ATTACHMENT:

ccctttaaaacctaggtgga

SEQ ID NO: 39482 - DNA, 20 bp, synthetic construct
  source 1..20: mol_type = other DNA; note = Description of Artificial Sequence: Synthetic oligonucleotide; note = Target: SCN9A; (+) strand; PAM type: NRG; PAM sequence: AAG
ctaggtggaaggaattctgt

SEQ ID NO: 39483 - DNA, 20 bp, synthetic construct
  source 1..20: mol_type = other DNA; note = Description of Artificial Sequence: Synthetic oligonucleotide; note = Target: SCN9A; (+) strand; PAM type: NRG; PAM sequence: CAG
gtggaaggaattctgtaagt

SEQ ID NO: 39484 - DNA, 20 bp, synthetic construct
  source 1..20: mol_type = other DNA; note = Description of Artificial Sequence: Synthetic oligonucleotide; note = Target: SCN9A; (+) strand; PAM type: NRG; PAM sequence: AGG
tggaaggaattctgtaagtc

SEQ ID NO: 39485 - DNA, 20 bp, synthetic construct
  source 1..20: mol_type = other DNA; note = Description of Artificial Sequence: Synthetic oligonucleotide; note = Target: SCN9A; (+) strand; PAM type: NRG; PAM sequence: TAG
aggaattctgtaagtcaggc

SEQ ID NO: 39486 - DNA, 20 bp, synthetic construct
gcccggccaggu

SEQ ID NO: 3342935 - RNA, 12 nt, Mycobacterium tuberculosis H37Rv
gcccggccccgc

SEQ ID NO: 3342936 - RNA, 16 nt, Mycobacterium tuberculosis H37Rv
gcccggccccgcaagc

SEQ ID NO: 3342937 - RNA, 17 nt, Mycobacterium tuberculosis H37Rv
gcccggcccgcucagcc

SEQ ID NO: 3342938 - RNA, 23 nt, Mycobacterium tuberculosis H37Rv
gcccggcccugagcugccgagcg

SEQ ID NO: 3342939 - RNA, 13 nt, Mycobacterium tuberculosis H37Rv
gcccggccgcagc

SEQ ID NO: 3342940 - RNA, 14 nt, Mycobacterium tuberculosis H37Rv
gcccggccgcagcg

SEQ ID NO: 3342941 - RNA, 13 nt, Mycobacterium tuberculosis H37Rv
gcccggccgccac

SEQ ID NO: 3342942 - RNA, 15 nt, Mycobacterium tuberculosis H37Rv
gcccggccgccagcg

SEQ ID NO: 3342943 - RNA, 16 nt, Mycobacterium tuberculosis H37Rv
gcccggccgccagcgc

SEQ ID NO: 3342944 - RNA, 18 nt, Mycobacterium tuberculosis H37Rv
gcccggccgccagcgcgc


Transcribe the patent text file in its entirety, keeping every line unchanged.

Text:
ccctttaaaacctaggtgga

SEQ ID NO: 39482 - DNA, 20 bp, synthetic construct
  source 1..20: mol_type = other DNA; note = Description of Artificial Sequence: Synthetic oligonucleotide; note = Target: SCN9A; (+) strand; PAM type: NRG; PAM sequence: AAG
ctaggtggaaggaattctgt

SEQ ID NO: 39483 - DNA, 20 bp, synthetic construct
  source 1..20: mol_type = other DNA; note = Description of Artificial Sequence: Synthetic oligonucleotide; note = Target: SCN9A; (+) strand; PAM type: NRG; PAM sequence: CAG
gtggaaggaattctgtaagt

SEQ ID NO: 39484 - DNA, 20 bp, synthetic construct
  source 1..20: mol_type = other DNA; note = Description of Artificial Sequence: Synthetic oligonucleotide; note = Target: SCN9A; (+) strand; PAM type: NRG; PAM sequence: AGG
tggaaggaattctgtaagtc

SEQ ID NO: 39485 - DNA, 20 bp, synthetic construct
  source 1..20: mol_type = other DNA; note = Description of Artificial Sequence: Synthetic oligonucleotide; note = Target: SCN9A; (+) strand; PAM type: NRG; PAM sequence: TAG
aggaattctgtaagtcaggc

SEQ ID NO: 39486 - DNA, 20 bp, synthetic construct
gcccggccaggu

SEQ ID NO: 3342935 - RNA, 12 nt, Mycobacterium tuberculosis H37Rv
gcccggccccgc

SEQ ID NO: 3342936 - RNA, 16 nt, Mycobacterium tuberculosis H37Rv
gcccggccccgcaagc

SEQ ID NO: 3342937 - RNA, 17 nt, Mycobacterium tuberculosis H37Rv
gcccggcccgcucagcc

SEQ ID NO: 3342938 - RNA, 23 nt, Mycobacterium tuberculosis H37Rv
gcccggcccugagcugccgagcg

SEQ ID NO: 3342939 - RNA, 13 nt, Mycobacterium tuberculosis H37Rv
gcccggccgcagc

SEQ ID NO: 3342940 - RNA, 14 nt, Mycobacterium tuberculosis H37Rv
gcccggccgcagcg

SEQ ID NO: 3342941 - RNA, 13 nt, Mycobacterium tuberculosis H37Rv
gcccggccgccac

SEQ ID NO: 3342942 - RNA, 15 nt, Mycobacterium tuberculosis H37Rv
gcccggccgccagcg

SEQ ID NO: 3342943 - RNA, 16 nt, Mycobacterium tuberculosis H37Rv
gcccggccgccagcgc

SEQ ID NO: 3342944 - RNA, 18 nt, Mycobacterium tuberculosis H37Rv
gcccggccgccagcgcgc